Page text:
Setting the record straightIf lean, finely textured beef were in your hamburger, could you tell the difference?
By: Mikkel Pates, Agweek
FARGO, N.D. — If lean, finely textured beef were in your hamburger, could you tell the difference?
Might you prefer it?
Robert Maddock, an associate professor in the North Dakota State University Animal Sciences department, asked that question of cattlemen and others attending the North Dakota Stockmen’s Association 83rd Annual Convention and Trade Show in Fargo, N.D. Sept. 27 to 29. About 360 were expected for the three-day event.
“I couldn’t tell,” said Jason Zahn of Zahn Ranch in Towner, N.D. He said they were about the same. “I thought they were both good.” Turns out the majority at the demonstration said the meat was “smooth” textured, but not necessarily worse.
Maddock acquired hamburger patties from Beef Products Inc. of Dakota Dunes, S.D. The BPI-supplied patties included 15 percent LFTB. He offered beef industry visitors a look at both raw samples and cooked samples. A rough majority in the room could tell the difference, but no one indicated they didn’t like either product.
The industry has decades of experience producing the product. Some “blind” taste panels show consumers prefer burger product with the LFTB. LFTB percentages in hamburger normally range from 10 to 15 percent, according to Jeremy Jacobsen, a BPI spokesman at the company’s headquarters.
The product gained infamy in March 2011 when national news organizations picked up stories about the product, amplifying a derogatory “pink slime” nickname.
In September, BPI sued ABC News Inc., for repeated “false and misleading and defamatory” statements about the product. The suit, filed in Union County, S.D., names news anchor Diane Sawyer and Gerald Zirnstein, a U.S. Department of Agriculture microbiologist who referred to the product as pink slime.
Maddock said some critics and consumers reacted to the fact that the product is exposed to ammonium hydroxide gas, a process that boosts the pH level, making it slightly more acidic, which kills some harmful bacteria that can make consumers ill if the meat isn’t fully cooked before it’s eaten.
Kasey Carlin, another NDSU associate professor, discussed the technical side of LFTB. She said it is lean meat trimmed off large cuts of beef, especially on wholesale cuts where specific fat limits are set by the market.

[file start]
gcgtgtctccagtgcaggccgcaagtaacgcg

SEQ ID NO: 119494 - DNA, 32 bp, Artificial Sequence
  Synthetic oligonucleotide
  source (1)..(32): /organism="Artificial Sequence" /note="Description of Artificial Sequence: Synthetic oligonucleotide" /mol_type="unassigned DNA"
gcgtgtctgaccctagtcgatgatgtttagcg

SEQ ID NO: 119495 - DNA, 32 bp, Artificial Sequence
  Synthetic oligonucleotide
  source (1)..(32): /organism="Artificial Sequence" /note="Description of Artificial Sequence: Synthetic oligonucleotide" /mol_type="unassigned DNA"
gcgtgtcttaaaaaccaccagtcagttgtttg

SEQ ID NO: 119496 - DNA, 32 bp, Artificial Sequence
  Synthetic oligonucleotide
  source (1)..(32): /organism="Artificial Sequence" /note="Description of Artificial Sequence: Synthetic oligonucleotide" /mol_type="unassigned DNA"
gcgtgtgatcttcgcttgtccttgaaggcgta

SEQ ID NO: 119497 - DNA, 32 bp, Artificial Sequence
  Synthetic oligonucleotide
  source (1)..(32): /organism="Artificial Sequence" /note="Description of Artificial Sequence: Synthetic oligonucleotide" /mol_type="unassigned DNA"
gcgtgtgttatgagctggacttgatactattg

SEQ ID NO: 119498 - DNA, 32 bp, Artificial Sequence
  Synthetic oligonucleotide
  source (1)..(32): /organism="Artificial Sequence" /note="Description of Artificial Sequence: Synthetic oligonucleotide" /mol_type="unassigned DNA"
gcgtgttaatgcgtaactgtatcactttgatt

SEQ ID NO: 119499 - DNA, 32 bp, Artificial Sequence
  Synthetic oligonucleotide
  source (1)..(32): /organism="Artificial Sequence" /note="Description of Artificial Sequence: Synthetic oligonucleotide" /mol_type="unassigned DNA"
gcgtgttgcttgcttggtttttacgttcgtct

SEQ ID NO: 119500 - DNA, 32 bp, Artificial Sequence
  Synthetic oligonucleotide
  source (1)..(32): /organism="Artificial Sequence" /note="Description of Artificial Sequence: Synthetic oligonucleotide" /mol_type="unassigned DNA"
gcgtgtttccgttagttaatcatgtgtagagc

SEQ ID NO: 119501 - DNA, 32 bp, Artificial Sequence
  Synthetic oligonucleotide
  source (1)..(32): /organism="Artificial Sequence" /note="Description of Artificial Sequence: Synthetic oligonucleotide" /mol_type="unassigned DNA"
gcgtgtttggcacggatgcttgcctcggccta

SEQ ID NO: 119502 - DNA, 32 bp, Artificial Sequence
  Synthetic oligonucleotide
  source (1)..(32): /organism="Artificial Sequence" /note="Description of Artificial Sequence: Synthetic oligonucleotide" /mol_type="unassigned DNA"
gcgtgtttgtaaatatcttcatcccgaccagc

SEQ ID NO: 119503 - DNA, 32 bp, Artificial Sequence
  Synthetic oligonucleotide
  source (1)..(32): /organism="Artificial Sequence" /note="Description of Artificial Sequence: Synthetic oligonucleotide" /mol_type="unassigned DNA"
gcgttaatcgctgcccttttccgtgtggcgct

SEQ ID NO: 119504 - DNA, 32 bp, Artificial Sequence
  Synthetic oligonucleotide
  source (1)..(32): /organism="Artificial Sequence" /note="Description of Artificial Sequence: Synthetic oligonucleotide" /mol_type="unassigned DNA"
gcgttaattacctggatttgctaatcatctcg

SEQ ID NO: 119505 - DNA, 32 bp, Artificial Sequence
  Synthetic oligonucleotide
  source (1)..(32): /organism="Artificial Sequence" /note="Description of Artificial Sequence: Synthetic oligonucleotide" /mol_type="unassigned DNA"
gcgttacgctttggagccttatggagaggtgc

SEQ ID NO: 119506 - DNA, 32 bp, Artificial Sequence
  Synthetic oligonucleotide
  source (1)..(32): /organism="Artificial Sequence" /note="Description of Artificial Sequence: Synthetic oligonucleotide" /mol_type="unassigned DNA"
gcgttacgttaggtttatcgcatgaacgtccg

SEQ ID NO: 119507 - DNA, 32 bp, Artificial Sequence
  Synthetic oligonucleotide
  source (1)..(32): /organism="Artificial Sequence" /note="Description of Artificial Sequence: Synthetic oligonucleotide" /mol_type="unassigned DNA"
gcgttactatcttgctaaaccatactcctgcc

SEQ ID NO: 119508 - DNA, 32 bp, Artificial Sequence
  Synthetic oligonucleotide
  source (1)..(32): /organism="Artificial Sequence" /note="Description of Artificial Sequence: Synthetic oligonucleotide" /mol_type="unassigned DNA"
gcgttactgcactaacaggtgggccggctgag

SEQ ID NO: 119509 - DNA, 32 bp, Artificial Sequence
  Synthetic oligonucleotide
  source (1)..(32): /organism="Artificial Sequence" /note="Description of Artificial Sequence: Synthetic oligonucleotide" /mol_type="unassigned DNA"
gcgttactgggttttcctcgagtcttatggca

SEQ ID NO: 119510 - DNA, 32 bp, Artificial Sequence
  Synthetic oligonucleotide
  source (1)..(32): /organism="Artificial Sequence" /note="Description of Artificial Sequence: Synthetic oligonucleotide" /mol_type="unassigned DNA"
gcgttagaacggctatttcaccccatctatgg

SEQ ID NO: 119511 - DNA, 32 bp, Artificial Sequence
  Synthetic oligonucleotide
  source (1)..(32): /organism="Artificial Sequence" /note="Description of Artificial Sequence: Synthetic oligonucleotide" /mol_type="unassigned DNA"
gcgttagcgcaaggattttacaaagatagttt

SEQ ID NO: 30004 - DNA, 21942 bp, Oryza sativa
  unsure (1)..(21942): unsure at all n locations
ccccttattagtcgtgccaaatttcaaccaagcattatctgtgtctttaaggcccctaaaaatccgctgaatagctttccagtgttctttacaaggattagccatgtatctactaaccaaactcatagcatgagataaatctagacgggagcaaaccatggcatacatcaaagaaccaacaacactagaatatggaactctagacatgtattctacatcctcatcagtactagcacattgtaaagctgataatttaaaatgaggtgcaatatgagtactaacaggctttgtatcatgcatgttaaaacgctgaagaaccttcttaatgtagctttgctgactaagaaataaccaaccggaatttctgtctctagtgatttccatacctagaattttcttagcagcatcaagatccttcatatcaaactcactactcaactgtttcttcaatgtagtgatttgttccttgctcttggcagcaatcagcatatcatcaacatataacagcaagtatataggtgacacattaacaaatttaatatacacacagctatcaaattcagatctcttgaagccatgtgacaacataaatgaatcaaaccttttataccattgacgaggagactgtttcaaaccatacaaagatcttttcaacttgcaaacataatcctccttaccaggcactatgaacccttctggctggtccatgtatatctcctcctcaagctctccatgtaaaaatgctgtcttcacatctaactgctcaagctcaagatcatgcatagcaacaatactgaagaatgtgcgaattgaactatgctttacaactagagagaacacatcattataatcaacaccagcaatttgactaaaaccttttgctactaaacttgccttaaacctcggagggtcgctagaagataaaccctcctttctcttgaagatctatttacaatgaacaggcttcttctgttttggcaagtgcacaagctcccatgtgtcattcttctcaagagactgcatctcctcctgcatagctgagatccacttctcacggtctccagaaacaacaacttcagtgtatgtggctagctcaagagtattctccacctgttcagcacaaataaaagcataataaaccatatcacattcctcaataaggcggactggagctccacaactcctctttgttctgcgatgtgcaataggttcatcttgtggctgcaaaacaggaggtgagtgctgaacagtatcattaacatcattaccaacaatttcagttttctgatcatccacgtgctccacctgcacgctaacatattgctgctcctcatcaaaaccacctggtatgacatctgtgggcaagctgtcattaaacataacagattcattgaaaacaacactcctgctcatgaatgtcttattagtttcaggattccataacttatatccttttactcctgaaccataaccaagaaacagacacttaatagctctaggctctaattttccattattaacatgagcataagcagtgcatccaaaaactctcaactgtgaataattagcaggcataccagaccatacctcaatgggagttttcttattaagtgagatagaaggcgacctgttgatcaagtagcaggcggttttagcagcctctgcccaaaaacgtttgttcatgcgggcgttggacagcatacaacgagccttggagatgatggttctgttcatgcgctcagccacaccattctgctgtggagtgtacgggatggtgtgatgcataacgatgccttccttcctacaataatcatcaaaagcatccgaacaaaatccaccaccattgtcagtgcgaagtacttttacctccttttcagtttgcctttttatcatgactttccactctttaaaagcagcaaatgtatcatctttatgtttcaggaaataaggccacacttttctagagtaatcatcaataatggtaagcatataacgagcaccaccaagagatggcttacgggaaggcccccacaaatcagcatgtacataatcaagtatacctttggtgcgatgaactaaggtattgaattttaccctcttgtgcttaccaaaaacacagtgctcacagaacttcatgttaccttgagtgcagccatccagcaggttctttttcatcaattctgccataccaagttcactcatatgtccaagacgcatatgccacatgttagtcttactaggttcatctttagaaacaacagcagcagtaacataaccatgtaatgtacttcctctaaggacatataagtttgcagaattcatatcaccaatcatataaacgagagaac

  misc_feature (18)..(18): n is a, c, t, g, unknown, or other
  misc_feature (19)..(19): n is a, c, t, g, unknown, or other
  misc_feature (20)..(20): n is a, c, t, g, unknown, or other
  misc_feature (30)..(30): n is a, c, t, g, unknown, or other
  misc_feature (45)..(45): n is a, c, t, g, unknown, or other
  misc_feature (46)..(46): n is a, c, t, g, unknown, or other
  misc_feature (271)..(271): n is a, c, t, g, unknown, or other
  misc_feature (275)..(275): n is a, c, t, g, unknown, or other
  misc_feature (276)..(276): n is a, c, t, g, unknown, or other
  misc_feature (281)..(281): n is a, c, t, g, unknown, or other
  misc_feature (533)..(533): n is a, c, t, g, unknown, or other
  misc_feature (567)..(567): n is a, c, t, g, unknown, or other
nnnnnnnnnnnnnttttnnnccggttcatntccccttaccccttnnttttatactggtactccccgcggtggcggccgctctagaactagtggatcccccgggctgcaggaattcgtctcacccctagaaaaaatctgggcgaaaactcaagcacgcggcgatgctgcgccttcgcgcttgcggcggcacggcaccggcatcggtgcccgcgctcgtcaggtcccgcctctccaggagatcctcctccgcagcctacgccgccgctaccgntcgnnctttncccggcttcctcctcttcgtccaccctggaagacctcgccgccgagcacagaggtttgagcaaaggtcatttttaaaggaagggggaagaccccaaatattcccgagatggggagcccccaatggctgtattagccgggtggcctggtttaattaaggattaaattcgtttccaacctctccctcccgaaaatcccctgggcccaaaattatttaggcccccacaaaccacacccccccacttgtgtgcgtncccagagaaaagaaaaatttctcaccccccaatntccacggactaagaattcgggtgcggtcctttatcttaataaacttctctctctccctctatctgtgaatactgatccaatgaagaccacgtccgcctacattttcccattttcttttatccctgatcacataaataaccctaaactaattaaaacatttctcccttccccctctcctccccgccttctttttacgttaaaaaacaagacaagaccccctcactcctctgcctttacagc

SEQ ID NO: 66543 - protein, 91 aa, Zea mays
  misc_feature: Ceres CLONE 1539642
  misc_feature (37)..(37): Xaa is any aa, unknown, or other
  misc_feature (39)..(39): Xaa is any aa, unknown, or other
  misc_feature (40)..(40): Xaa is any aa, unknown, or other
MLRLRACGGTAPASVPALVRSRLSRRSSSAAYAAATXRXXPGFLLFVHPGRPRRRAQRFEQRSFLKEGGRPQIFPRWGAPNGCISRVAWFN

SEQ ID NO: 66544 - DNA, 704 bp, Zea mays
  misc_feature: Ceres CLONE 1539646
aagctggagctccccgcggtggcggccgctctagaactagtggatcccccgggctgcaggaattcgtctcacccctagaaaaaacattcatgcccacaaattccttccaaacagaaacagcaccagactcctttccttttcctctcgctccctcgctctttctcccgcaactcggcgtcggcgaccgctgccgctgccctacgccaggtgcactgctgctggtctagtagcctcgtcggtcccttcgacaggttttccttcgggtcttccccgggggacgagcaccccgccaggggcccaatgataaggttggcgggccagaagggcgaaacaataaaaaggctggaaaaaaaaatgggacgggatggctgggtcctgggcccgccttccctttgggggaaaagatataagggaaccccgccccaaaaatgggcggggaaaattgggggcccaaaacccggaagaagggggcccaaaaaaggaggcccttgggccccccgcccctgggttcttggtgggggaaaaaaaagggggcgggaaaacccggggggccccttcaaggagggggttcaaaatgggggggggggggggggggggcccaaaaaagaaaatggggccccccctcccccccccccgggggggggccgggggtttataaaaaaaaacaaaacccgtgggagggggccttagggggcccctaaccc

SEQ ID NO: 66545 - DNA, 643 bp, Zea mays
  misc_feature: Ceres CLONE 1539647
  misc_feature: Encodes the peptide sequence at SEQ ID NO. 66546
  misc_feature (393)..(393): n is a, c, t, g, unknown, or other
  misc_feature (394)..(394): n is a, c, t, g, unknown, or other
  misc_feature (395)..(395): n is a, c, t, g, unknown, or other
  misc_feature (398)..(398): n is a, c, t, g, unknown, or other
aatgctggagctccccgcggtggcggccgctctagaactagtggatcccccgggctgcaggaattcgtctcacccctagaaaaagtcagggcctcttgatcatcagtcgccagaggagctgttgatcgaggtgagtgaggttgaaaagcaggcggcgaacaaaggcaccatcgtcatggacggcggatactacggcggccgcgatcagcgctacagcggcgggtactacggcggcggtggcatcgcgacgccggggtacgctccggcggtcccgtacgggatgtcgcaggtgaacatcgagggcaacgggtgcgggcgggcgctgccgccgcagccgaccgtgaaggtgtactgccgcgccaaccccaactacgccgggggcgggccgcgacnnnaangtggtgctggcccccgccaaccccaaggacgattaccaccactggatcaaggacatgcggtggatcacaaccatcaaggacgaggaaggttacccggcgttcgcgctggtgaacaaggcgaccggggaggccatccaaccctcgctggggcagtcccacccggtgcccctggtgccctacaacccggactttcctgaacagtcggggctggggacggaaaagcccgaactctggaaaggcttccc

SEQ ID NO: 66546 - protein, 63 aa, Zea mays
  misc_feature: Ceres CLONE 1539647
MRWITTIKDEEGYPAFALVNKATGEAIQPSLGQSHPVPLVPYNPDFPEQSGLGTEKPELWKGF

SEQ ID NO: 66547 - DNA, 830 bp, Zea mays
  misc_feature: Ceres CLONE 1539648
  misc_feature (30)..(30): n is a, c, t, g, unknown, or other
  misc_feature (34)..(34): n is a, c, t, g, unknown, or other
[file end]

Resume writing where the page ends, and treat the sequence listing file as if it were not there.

To make LFTB, the fatty trimmings are heated to 100 degrees. The product is then centrifuged, separating fat from the lean, and the final product is 95 percent lean. Living muscle is normally 7 pH, but reduces to about a 5.6 pH after butchering. Processors expose the LFTB to a “puff” of ammonia gas, which increases the meat to a 9.6 pH level. This makes the product more alkaline, killing the E. coli and salmonella bacteria, which can cause illness if the meat is not fully cooked, she explained.
A 3-ounce, single portion of conventional hamburger — about the size of a deck of cards — naturally contains 100 parts per million (ppm) of ammonia. A burger with 15 percent LFTB is about 200 ppm of ammonia — or double, Carlin says.
To compare, raw onions naturally contain 340 ppm of ammonia, and ketchup contains 400 ppm of ammonia or an amount equivalent to 675 beef patties per day.
Looking at it another way, Carlin noted that a 15 percent LFTB beef burger patty contains 40 milligrams of ammonia. A 120-pound American consumer typically ingests 17 grams of ammonia per day and it’s safe to consume up to 27 grams (27,000 milligrams) per day.
BPI’s Jacobsen said the company “still is in the process of restoring consumer confidence.”
The company had 1,500 employees at four locations. It now has about 500 employees at its South Sioux City, Neb., plant, but locations at Garden City, Kan., Amarillo, Texas, and Waterloo, Iowa, remain idled. The company is family-owned by Eldon and Regina Roth. He says BPI supplied the bulk of the market for the product, although Cargill Inc., makes a similar product.
BPI’s 257-page complaint against ABC News seeks $1.2 billion in damages. “We’re committed to getting the facts out and restoring our business,” Jacobsen said. For information on the case, visit www.beefisbeef.com.
Maddock said he’s seen information that indicates some of the market is coming back for the product — a bit in the domestic product, but more in export markets. He said if those markets are short on food, they’re “more than willing to accept the product.”
The Stockmen’s convention ended Sept. 29. Look for more coverage in the Oct. 8 issue of Agweek.